Churches of Latin America: Iglesia de la Compañía de Jesús in Cusco, Peru

Continuing with our series exploring some of the beautiful churches of Latin America, we turn today to the Iglesia de la Compañía de Jesús in Cusco, Peru. Cusco is the ancient capital of the Incan empire and it is perhaps best known for a style of painting named after it.  The church in question is a Jesuit church, as its name suggests, having been designed by the Jesuit architect, Jean-Baptiste Gilles and Diego Martinez de Oviedo. 

The founding of the parish was in 1571, a few years after the arrival of the Jesuits in this region in 1568. Construction of the church began a few years later in 1576, but was badly damaged by an earthquake in 1650. As such, this particular structure was substantially built between 1651-1673. It is an excellent example of Spanish / Peruvian baroque.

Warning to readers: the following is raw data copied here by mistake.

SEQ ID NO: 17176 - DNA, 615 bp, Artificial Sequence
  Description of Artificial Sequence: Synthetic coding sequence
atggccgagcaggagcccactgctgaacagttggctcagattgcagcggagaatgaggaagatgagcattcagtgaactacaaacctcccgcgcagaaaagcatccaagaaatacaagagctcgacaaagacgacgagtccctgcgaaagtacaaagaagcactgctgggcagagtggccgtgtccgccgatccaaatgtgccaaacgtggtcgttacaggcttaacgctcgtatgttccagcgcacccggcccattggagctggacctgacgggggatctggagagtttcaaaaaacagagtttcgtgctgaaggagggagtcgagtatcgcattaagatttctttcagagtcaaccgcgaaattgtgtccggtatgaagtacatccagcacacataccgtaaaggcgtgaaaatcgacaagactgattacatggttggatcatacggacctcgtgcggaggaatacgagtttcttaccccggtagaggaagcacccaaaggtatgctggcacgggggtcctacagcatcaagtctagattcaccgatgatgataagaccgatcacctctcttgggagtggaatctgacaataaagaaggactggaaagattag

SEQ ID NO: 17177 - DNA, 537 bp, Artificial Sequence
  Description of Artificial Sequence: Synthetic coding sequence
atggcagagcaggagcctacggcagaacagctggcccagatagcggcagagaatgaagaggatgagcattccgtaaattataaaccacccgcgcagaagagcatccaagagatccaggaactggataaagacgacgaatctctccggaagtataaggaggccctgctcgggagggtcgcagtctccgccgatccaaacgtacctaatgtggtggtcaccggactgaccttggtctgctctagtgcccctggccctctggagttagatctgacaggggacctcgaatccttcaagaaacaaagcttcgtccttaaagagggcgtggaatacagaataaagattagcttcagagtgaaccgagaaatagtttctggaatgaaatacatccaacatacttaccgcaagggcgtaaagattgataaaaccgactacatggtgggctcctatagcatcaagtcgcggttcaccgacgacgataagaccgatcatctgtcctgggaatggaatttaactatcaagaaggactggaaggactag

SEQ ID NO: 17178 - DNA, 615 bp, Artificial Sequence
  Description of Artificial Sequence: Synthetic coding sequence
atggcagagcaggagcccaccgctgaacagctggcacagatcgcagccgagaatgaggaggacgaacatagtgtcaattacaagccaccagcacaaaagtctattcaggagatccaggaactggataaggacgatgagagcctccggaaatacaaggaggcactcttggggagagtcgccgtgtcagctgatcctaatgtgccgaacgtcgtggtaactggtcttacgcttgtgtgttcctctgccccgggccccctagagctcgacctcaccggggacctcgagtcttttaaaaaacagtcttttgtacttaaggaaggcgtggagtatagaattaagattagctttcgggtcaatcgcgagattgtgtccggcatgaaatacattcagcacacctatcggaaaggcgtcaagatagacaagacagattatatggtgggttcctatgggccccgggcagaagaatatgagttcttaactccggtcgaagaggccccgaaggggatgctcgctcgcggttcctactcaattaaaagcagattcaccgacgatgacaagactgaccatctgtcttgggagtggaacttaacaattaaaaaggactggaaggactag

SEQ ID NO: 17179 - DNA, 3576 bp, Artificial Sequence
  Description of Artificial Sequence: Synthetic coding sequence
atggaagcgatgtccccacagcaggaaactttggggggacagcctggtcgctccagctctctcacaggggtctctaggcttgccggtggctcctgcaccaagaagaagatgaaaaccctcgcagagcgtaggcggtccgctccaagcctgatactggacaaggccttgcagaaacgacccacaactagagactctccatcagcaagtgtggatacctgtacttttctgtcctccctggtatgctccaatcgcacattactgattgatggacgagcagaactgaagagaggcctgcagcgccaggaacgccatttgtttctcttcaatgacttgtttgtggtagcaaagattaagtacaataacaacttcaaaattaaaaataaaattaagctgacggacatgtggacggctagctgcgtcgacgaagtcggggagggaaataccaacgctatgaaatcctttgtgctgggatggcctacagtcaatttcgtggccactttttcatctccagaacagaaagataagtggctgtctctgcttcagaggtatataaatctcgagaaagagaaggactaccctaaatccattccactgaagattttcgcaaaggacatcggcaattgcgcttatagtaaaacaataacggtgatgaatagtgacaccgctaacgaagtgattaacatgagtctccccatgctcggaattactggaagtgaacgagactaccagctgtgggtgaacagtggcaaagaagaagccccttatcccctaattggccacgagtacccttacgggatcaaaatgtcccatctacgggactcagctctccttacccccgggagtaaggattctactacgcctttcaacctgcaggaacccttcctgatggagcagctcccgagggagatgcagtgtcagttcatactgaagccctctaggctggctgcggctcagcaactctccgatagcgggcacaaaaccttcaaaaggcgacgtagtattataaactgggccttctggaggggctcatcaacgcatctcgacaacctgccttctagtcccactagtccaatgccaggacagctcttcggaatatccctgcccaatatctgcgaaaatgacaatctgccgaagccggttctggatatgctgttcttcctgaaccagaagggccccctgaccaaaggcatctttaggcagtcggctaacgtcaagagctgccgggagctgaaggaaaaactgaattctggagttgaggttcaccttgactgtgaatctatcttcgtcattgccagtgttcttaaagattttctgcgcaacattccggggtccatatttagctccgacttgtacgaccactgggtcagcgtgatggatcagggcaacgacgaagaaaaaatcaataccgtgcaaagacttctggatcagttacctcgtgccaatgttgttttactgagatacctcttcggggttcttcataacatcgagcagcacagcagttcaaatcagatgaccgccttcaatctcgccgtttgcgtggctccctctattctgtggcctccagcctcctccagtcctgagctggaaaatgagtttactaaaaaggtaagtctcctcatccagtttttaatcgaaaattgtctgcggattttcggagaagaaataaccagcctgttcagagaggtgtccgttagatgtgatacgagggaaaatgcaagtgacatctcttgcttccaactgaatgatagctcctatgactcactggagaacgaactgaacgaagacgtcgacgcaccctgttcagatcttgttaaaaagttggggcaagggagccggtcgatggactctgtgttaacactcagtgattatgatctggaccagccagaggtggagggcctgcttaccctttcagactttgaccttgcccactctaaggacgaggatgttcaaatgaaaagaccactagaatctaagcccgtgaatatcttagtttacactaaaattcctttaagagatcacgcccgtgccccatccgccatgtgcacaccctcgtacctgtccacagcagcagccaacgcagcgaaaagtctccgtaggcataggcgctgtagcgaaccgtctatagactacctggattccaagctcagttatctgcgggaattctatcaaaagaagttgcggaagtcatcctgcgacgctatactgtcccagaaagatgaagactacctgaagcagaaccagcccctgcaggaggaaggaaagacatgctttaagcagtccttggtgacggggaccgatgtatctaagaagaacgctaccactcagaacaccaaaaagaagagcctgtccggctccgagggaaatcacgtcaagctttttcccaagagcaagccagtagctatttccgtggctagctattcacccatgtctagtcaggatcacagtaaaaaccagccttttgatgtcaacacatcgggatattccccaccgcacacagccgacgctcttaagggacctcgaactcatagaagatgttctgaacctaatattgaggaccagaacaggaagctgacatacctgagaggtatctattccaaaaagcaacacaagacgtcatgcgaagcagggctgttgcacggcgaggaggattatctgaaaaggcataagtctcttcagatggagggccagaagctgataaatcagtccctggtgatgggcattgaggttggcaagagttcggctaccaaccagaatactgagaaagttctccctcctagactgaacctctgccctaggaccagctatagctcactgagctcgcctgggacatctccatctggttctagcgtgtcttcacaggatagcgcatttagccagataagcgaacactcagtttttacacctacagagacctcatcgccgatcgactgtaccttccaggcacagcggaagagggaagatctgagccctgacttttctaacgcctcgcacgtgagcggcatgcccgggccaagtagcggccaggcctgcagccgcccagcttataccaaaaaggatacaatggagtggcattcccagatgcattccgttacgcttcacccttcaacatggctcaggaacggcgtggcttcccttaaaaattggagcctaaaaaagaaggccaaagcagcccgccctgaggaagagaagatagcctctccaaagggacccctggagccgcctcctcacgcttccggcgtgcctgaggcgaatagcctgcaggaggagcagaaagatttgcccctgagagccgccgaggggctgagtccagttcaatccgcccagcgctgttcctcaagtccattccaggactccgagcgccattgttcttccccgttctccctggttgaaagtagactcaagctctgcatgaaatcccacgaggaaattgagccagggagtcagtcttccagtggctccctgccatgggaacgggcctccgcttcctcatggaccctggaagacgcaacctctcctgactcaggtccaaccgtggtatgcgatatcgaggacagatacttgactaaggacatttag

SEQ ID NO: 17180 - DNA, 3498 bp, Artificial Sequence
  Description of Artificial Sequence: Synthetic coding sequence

The facade is classically baroque and made entirely from pink volcanic stone.

The interior is patterned off of the basic architectural layout of the historic Jesuit church in Rome, the Gesù, having a main central nave with two transept chapels thus forming a Latin cross. The ceiling boasts gothic style ribbed vaulting. However it is the 21 metre high by 12 metre wide reredos of the high altar that is the central point of artistic focus in the church. 

The reredos is made of gilt, carved cedar and includes Solomonic columns in its design. While it includes various painted images throughout, its central imagery includes a painting of the Transfiguration and a sculpture of the Immaculate Conception as well as the archangels Gabriel and Michael.

The Annunciation

Various side altars can be found in the church of similar style and the entire church boats many paintings representative of the famed Cusco style. Two of these depict scenes from the life of St. Ignatius of Loyola, including his triumph over the Reformation, while another depicts the marriage of St. Ignatius's nephew, Martín García Oñas de Loyola, a Spanish soldier and Royal Governor of Chile, to a woman of indigenous nobility.

A thoroughly impressive and important Peruvian baroque church.

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